Cleave vs Clave - What's the difference?

cleave | clave |


As verbs the difference between cleave and clave

is that cleave is to split or sever something with, or as if with, a sharp instrument or cleave can be to cling, adhere or stick fast to something; used with to or unto while clave is .

As a noun cleave

is (technology) flat, smooth surface produced by cleavage, or any similar surface produced by similar techniques, as in glass.

Other Comparisons: What's the difference?

cleave

English

Etymology 1

From (etyl) cleven, from the (etyl) strong verb .

Verb

  • To split or sever something with, or as if with, a sharp instrument.
  • The wings cleaved the foggy air.
  • * Shakespeare
  • O Hamlet, thou hast cleft my heart in twain.
  • (mineralogy) To break a single crystal (such as a gemstone or semiconductor wafer) along one of its more symmetrical crystallographic planes (often by impact), forming facets on the resulting pieces.
  • To make or accomplish by or as if by cutting.
  • The truck cleaved a path through the ice.
  • (chemistry) To split (a complex molecule) into simpler molecules.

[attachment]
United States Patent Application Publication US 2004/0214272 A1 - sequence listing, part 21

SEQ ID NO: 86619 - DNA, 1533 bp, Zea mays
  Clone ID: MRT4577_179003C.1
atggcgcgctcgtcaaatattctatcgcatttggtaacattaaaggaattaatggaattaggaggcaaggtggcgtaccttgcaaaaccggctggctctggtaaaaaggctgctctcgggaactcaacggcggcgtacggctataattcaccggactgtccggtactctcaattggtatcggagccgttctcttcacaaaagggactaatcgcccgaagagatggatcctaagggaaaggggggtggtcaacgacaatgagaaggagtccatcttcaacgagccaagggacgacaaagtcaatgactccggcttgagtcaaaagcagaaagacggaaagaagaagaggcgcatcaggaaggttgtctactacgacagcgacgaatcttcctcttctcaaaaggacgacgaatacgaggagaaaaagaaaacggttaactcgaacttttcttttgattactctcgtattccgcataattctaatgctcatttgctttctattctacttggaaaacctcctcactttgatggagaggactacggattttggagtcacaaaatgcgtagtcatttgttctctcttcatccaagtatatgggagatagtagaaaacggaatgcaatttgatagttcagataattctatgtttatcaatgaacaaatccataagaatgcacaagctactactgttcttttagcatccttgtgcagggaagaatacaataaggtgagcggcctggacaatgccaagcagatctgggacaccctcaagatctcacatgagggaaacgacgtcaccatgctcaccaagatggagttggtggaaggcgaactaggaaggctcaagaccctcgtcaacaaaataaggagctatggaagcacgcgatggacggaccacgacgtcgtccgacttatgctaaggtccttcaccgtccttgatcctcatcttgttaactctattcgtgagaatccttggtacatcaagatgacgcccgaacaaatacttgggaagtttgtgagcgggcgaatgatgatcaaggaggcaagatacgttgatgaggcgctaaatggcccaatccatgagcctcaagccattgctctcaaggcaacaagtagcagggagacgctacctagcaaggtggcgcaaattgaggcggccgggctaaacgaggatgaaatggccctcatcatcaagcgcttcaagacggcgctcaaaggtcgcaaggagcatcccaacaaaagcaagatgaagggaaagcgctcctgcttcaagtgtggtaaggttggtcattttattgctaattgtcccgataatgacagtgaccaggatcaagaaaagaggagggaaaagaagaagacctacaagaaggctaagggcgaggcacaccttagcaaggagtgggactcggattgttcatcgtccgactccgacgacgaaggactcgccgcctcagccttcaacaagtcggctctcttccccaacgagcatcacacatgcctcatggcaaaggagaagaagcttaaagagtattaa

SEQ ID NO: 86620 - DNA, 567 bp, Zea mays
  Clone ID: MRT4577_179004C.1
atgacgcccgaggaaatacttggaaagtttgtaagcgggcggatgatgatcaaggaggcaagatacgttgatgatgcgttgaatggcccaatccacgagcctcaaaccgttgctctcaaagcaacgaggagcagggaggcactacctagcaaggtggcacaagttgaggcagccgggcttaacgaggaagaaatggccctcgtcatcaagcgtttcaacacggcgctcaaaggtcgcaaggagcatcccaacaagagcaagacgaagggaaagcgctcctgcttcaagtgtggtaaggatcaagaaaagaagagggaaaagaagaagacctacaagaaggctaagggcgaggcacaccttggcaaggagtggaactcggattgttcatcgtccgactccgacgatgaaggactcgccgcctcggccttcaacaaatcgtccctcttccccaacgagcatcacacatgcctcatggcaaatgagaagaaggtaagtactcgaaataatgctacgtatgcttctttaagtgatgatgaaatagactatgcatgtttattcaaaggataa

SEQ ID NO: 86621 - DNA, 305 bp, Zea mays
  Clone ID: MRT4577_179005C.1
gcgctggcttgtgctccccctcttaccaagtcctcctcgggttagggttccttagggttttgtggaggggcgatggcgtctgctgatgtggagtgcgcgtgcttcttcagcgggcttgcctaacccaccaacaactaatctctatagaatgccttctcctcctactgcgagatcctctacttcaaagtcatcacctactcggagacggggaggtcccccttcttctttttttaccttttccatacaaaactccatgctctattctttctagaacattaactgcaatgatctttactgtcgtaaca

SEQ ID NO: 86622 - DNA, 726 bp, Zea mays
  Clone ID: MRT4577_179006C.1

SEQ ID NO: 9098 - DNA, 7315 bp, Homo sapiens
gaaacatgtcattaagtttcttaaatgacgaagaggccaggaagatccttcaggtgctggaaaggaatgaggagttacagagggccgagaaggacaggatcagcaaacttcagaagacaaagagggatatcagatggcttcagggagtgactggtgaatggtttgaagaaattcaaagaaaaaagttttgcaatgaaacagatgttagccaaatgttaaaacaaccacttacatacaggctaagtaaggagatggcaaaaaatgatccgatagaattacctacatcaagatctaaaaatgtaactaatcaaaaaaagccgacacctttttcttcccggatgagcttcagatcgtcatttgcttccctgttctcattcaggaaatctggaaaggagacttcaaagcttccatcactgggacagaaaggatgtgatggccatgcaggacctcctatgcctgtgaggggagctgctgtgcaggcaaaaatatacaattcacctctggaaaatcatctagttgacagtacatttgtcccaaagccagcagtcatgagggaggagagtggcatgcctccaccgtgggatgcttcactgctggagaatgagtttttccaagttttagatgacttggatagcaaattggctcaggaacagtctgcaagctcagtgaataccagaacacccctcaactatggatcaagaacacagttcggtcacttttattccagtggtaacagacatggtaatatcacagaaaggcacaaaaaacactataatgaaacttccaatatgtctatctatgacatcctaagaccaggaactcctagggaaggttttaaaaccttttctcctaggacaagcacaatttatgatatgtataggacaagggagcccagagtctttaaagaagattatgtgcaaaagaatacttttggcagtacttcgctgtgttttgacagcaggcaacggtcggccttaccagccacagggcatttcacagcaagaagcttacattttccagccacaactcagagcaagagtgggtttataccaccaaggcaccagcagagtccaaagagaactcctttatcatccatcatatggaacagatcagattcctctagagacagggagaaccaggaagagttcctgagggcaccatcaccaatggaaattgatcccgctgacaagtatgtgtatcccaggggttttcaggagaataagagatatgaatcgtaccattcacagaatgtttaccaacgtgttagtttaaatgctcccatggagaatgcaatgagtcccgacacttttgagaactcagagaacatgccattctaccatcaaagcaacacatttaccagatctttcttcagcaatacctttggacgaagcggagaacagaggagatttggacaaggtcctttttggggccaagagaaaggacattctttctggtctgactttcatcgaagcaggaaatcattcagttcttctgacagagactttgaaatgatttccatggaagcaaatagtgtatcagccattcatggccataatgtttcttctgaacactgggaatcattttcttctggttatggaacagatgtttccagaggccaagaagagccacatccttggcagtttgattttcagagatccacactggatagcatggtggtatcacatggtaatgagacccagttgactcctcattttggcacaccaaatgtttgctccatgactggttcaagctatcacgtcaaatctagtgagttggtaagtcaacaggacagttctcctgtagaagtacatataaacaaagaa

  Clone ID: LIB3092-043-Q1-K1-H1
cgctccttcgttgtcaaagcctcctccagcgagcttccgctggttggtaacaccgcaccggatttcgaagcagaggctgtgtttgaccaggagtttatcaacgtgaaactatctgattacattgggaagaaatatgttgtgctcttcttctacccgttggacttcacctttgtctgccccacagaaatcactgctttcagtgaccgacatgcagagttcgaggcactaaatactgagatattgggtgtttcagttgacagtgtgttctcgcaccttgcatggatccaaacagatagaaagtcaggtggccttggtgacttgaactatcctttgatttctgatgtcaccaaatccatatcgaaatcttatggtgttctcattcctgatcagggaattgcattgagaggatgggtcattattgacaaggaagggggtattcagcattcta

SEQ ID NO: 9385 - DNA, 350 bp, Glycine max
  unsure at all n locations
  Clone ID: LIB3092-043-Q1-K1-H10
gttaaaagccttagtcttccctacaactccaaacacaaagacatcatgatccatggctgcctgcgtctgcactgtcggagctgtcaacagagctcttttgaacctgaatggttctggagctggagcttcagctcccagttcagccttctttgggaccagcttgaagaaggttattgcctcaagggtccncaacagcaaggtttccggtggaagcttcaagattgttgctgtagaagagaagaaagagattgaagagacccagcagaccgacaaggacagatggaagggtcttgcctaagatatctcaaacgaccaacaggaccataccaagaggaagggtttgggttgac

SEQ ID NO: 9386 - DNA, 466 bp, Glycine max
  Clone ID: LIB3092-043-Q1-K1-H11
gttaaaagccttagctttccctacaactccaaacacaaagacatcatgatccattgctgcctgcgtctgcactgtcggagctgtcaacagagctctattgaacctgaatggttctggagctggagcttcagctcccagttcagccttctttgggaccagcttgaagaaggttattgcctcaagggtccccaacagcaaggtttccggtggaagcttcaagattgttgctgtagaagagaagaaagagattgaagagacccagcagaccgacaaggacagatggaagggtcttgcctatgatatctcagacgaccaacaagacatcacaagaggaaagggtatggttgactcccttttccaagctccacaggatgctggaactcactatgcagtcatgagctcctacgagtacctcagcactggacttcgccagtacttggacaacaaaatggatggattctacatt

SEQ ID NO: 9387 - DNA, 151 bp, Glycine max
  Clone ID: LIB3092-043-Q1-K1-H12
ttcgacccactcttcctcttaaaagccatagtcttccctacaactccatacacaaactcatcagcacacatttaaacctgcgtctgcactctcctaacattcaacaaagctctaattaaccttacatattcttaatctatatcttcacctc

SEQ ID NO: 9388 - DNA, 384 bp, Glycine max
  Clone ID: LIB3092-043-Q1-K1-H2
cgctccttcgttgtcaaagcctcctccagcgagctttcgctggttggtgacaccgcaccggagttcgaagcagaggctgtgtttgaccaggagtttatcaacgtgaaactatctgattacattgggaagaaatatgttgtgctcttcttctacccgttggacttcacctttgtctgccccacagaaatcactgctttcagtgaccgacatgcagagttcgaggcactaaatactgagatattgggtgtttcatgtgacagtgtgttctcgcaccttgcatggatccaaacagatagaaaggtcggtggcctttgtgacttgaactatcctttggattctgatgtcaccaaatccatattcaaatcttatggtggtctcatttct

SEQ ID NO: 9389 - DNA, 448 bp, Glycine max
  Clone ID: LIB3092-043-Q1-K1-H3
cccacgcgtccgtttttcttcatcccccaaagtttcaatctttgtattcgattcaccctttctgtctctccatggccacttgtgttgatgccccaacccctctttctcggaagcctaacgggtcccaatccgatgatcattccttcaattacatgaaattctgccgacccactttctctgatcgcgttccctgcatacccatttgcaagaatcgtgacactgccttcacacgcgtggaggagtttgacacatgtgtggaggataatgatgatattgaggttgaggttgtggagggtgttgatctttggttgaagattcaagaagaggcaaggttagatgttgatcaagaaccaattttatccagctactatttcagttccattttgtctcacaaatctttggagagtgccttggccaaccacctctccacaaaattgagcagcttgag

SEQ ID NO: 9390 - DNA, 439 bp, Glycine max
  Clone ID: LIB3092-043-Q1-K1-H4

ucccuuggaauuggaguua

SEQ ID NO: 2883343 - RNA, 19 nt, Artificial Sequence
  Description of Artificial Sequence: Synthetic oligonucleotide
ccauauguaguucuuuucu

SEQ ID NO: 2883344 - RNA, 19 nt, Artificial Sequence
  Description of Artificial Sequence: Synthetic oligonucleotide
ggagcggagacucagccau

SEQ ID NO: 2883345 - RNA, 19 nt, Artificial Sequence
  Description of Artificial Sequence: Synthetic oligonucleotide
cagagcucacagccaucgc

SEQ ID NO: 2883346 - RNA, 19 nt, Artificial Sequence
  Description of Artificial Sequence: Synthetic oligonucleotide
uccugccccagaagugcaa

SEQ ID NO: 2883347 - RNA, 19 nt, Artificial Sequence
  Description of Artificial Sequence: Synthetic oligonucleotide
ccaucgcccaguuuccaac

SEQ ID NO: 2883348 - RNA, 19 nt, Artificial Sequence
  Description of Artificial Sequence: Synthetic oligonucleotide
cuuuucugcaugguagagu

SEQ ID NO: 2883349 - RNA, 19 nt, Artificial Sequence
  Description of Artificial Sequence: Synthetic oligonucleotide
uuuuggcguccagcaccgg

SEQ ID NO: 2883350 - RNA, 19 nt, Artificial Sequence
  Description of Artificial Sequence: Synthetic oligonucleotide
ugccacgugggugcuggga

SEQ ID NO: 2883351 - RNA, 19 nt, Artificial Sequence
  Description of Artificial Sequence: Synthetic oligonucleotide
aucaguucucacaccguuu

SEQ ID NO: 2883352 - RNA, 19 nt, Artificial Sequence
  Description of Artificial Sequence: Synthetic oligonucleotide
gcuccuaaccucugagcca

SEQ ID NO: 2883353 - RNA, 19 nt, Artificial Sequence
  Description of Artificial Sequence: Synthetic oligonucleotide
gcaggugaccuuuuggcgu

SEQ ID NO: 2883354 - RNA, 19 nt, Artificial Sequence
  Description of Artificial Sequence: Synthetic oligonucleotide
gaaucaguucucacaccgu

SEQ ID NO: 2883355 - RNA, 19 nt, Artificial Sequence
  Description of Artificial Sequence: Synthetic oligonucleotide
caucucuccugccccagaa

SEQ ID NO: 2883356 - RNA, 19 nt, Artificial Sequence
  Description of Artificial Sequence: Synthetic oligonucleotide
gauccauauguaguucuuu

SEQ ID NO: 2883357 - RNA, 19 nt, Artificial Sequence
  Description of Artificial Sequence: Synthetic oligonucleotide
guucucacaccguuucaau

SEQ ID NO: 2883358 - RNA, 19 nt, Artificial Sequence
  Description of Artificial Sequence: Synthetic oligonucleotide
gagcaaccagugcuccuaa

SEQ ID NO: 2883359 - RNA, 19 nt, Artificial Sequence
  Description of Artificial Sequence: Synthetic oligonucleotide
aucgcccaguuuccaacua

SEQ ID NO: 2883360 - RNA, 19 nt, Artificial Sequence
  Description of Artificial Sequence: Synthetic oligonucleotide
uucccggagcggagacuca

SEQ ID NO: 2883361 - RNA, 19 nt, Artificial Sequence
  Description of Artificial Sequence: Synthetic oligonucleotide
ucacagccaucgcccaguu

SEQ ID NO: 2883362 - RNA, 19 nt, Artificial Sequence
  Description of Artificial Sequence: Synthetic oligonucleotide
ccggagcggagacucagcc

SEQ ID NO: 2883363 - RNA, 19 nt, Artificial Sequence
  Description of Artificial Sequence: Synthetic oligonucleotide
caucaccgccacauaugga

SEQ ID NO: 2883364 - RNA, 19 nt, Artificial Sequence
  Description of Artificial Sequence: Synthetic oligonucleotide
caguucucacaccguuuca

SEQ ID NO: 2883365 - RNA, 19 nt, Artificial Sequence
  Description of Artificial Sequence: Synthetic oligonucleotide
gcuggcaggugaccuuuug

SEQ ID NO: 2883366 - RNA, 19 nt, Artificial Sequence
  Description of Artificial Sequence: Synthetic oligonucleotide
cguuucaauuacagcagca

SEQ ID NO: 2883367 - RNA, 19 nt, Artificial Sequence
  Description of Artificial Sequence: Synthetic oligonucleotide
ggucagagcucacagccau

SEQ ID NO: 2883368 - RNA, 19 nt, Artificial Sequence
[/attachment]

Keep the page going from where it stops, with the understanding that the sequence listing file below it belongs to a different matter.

• To split.
  • (mineralogy) Of a crystal, to split along a natural plane of division.
  • Noun

    (en noun)
  • (technology) Flat, smooth surface produced by cleavage, or any similar surface produced by similar techniques, as in glass.
  • Derived terms

    * (l)

    Etymology 2

    From (etyl) cleofian, from (etyl) . Cognates include German kleben, Dutch kleven.

    Verb

    (cleav)
  • To cling, adhere or stick fast to something; used with to or unto.
  • clave

    English

    Etymology 1

    Verb

    (head)
  • (archaic) (cleave)
  • * , Genesis, 22:3
  • And Abraham rose up early in the morning, and saddled his ass, and took two of his young men with him, and Isaac his son, and clave the wood for the burnt offering, and rose up, and went unto the place of which God had told him.
  • * , Ruth 1:14
  • And they lifted up their voice, and wept again: and Orpah kissed her mother in law; but Ruth clave unto her.
  • * {{quote-book, year=1868
  • , author=Thomas Malory , title=Le Morte D'Arthur , chapter=11 , url= , isbn= , page= , passage=Sir Launcelot put his shield afore him, and put the stroke away of the one giant, and with his sword he clave his head asunder.}}

    Etymology 2

    From (etyl) clave, from (etyl) .

    Noun

    (en noun)
  • (musical instruments) One half of a set of claves, a percussion instrument consisting of two sticks, one of which is used to strike the other.
  • (music) A characteristic pattern of beats, especially the 3-2 son clave.
  • See also

    * *

    Anagrams

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